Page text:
Is Burger King reclaiming the flame ?

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Is Burger King reclaiming the flame ?

This past September, the company began investing in advertising, remodels and relocations, restaurant technology, kitchen equipment and building enhancements as part of its Reclaim the Flame plan for Burger King. In the recent quarter, value deals, growth in digital sales and benefits from strategic pricing drove comparable sales up 8.7% year-over-year and system-wide sales up 8.1%, said Joshua Kobza, chief executive officer.

“Traffic was modestly negative for the quarter, and we are very focused on moving the traffic to the positive category over the course of the year,” Mr. Kobza said during a May 2 conference call to discuss first-quarter earnings. “I think what’s encouraging to us is that we are seeing sequential improvements. The traffic was more negative in Q4 and got a little bit better in Q1. And we’re seeing a stabilization in sort of our monthly traffic levels, which is very encouraging to us. I think the team is highly focused on growing traffic as we move through the remainder of this year. I think we’re expecting to see some moderation in pricing increases. We’re focused a lot on operations. That’s going to be kind of a big driver of improvements in traffic.”

The company expects to close a total of 300 to 400 Burger King restaurants in the United States this year, Mr. Kobza said, adding, “though I would emphasize that there is a fair degree of uncertainty regarding exact numbers, and this will depend to some extent on the pace of recovery in the business, which we’ve already begun to see.”

“Certainly, the team’s goal is to improve the overall health of the system, which we’re already seeing with improved top-line sales and restaurant profitability,” he said. “One of the most important factors is the willingness of our franchisees who have troubled restaurants to work with us and commit to implementing the changes necessary. If they can’t, we have operators ready to step in and do what’s required. I do expect a bit more short-term noise as we transition some portfolios into the hands of top local operators, but I think we are moving in the right direction to improve our foundation for the long term.”

Restaurant Brands net income for the first quarter ended March 31 was $277 million, equal to 61¢ per share on the common stock, up 2.6% from $270 million, or 59¢, in the prior-year period. The increase was driven by increases in segment income across all of the company’s segments, a decrease in income tax expense and a favorable change from the impact of equity method investments, which were partially offset by unfavorable foreign currency exchange movements, a charge from other operating expenses, an increase in share-based compensation and non-cash incentive compensation expense, an increase in Firehouse Subs transaction costs and an increase in interest expense.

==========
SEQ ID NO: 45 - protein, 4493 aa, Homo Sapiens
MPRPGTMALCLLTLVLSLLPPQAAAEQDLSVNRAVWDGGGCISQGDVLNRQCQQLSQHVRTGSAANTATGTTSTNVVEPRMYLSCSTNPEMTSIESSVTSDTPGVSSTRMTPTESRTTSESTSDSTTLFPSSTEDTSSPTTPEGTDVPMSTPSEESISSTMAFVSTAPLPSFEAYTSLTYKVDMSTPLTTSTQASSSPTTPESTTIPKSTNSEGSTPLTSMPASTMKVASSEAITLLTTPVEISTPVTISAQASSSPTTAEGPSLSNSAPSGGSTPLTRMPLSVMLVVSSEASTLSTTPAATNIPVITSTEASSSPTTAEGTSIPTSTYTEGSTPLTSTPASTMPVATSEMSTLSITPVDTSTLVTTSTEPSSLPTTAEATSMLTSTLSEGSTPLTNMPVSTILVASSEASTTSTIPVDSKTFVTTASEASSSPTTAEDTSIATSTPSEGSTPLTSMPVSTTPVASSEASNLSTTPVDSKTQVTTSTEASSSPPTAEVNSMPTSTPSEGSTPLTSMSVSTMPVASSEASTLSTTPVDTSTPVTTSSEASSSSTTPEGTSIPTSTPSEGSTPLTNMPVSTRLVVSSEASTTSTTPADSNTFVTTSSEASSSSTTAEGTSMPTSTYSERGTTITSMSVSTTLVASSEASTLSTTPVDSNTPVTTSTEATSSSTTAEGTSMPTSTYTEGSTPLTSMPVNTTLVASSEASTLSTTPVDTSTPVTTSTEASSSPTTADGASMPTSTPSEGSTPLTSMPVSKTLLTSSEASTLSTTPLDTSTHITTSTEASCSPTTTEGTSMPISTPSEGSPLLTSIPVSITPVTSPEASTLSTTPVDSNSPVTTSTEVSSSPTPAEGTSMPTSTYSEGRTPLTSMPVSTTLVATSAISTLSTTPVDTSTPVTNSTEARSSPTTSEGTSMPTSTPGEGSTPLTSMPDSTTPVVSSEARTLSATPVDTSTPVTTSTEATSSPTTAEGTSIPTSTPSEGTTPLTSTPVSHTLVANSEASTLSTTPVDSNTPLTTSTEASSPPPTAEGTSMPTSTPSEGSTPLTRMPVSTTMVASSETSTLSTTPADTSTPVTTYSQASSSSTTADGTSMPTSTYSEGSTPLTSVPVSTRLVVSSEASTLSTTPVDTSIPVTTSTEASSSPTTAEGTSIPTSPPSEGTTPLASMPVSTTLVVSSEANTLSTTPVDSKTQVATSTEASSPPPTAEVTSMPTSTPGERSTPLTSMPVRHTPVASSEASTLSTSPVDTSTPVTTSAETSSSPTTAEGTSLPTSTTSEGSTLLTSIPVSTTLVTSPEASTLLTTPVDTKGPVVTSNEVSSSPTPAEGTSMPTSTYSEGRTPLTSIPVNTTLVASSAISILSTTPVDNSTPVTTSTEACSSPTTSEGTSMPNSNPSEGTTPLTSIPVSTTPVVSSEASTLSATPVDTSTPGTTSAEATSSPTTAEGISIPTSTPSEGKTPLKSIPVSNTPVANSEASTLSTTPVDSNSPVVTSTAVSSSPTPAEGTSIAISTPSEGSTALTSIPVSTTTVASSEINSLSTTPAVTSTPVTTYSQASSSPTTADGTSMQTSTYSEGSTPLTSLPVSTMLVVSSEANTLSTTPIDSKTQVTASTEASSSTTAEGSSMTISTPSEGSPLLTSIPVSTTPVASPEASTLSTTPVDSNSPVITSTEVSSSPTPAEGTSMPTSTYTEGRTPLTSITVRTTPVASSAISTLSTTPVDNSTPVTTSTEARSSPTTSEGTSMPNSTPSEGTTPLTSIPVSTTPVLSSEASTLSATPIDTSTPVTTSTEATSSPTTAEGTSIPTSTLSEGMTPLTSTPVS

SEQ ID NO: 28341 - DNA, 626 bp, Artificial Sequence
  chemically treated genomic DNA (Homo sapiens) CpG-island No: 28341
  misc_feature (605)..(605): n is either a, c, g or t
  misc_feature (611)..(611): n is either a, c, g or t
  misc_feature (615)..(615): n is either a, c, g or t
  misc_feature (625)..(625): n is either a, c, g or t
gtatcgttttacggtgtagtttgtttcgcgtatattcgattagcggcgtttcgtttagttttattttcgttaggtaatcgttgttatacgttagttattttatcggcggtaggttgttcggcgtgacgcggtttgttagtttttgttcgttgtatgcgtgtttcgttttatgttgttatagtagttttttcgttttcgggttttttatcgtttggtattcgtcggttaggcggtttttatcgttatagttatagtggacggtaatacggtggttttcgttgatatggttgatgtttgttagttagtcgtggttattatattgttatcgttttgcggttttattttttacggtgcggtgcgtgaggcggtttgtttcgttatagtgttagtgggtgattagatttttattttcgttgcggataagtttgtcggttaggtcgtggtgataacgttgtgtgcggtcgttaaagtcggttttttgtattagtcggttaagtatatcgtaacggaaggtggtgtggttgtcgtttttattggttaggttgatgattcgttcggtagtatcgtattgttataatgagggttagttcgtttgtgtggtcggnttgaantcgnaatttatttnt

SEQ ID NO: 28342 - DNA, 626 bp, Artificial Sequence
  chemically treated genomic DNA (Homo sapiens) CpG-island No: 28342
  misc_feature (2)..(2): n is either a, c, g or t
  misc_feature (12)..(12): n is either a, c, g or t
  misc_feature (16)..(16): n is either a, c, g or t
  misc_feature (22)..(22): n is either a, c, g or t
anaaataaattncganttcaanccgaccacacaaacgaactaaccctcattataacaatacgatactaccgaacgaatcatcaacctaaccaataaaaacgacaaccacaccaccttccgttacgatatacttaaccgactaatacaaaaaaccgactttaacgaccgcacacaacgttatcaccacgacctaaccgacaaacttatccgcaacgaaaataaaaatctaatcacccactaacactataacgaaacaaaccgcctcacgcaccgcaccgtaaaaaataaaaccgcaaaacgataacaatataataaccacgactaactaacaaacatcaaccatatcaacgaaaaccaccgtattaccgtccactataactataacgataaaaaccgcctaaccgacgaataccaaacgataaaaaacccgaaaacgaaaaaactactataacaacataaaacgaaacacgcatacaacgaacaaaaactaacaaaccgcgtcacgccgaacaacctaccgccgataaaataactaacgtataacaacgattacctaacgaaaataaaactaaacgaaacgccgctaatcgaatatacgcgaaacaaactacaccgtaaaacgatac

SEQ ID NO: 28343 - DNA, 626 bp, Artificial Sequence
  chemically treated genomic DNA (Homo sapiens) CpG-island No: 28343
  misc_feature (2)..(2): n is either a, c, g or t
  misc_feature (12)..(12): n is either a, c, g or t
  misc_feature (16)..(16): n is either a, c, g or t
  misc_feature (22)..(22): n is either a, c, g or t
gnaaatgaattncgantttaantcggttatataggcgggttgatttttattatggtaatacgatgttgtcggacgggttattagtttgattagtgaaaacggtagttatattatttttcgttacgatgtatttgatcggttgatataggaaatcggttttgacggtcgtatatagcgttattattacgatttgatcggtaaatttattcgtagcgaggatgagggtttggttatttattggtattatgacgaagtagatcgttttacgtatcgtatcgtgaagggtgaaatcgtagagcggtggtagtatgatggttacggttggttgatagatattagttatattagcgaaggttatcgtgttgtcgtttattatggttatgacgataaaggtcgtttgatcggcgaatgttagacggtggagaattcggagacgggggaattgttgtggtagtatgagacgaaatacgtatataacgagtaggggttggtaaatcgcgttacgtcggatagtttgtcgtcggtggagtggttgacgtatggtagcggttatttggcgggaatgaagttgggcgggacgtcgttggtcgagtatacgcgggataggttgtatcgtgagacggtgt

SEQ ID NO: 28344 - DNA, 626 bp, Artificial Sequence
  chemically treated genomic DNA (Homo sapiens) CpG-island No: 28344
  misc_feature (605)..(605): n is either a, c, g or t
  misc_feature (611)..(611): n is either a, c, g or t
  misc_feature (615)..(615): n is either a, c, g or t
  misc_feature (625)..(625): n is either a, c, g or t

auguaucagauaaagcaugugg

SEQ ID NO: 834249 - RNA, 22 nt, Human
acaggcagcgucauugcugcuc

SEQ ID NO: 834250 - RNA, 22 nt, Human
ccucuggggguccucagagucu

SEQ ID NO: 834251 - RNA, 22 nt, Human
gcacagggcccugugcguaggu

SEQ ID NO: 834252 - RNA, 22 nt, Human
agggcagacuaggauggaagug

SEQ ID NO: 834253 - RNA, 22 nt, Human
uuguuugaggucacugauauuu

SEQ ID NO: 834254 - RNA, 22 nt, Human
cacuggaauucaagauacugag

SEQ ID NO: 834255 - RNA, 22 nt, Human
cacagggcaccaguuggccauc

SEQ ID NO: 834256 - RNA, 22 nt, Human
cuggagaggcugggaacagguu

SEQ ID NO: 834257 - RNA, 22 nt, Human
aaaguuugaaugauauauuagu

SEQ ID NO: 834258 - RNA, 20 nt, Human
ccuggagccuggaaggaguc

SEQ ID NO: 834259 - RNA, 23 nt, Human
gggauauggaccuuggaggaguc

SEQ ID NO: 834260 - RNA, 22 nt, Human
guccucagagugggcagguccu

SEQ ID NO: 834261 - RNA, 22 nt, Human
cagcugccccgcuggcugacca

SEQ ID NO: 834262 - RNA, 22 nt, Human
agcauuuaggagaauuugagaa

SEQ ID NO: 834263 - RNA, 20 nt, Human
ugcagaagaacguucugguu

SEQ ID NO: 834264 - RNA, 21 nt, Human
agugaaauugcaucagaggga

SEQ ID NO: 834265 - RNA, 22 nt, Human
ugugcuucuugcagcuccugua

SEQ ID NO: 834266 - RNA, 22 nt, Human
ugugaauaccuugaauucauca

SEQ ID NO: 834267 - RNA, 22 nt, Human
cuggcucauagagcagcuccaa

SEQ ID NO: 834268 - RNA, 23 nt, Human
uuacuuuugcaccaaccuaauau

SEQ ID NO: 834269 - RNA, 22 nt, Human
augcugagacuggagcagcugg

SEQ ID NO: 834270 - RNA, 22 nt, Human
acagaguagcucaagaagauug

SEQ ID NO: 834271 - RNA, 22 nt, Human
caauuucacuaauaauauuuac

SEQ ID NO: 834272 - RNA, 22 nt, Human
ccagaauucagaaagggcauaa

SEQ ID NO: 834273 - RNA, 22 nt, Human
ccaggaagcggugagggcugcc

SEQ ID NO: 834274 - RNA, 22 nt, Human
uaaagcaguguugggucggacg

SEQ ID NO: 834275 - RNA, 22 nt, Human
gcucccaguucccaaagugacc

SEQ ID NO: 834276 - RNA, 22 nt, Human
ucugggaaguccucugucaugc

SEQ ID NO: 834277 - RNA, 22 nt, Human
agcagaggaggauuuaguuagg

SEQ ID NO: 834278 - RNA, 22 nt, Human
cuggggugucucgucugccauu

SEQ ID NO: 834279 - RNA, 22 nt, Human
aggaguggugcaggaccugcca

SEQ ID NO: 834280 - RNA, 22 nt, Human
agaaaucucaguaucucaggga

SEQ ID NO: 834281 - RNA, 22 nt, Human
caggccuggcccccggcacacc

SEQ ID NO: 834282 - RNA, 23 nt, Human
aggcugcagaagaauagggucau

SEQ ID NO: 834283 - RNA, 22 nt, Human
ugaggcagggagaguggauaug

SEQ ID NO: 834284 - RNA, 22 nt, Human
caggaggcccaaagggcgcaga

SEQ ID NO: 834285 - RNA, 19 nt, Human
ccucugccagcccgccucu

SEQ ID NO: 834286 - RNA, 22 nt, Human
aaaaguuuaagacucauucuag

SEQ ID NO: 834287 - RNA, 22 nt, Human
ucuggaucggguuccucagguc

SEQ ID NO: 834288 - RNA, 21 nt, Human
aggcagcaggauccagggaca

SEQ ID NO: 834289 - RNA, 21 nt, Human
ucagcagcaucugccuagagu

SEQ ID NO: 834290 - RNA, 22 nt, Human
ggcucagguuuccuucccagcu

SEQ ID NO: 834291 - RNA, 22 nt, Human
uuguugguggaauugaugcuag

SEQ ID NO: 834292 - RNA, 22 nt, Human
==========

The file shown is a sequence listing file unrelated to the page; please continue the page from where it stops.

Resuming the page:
Revenues totaled $1.59 billion, up 9.7% from $1.45 billion.

Consolidated comparable sales increased 10%, with system-wide sales up 15% year-over-year, and net restaurant growth was 4.2%.

“We delivered strong comparable sales in our home markets, including 15.5% growth at Tim Hortons Canada and 8.7% at Burger King US, in addition to 12.3% in our Burger King international business,” Mr. Kobza said. “Popeyes US grew 3.4%, and Firehouse US was up 6.7% for the quarter. Importantly, our top-line results, coupled with moderation in overall cost inflation, helped drive improvements in restaurant level profitability this quarter.”

The increase in comparable sales at Tim Hortons Canada was driven by higher traffic, which benefited from improved consumer mobility and new food offerings, including loaded bowls and wraps.

The Burger King international business grew system-wide sales by 19%, adding more than $400 million of incremental sales year-over-year, Mr. Kobza said.

“These results were driven by a 5.2% net unit growth and a healthy balance of traffic and check, resulting in comparable sales of 12.3%,” he said. “This quarter, we saw a good performance in some of our largest markets like France, Germany, Spain and Australia as well as some sales recovery in China following the easing of COVID restrictions. Digital ordering has fundamentally changed the business over the years and will continue to be a major driver of growth for the next several years.”

Popeyes had system-wide sales growth of 9.1% and year-over-year improvements in restaurant-level profitability. A limited-time offering of ghost pepper wings in January drove higher average check and traffic, drawing younger consumers, Mr. Kobza said.

“Given the product success, wings are now back on the menu as a permanent item, and you can expect to see more innovation from us in this fast-growing category,” he said.

Firehouse Subs had comparable sales growth of 6.1% and net unit growth of 2.3%, which led to a 7.5% improvement in year-over-year system-wide sales.

Shares of Restaurant Brands International trading on the New York Stock Exchange closed May 2 at $72.14, up 2.2% from the day before.

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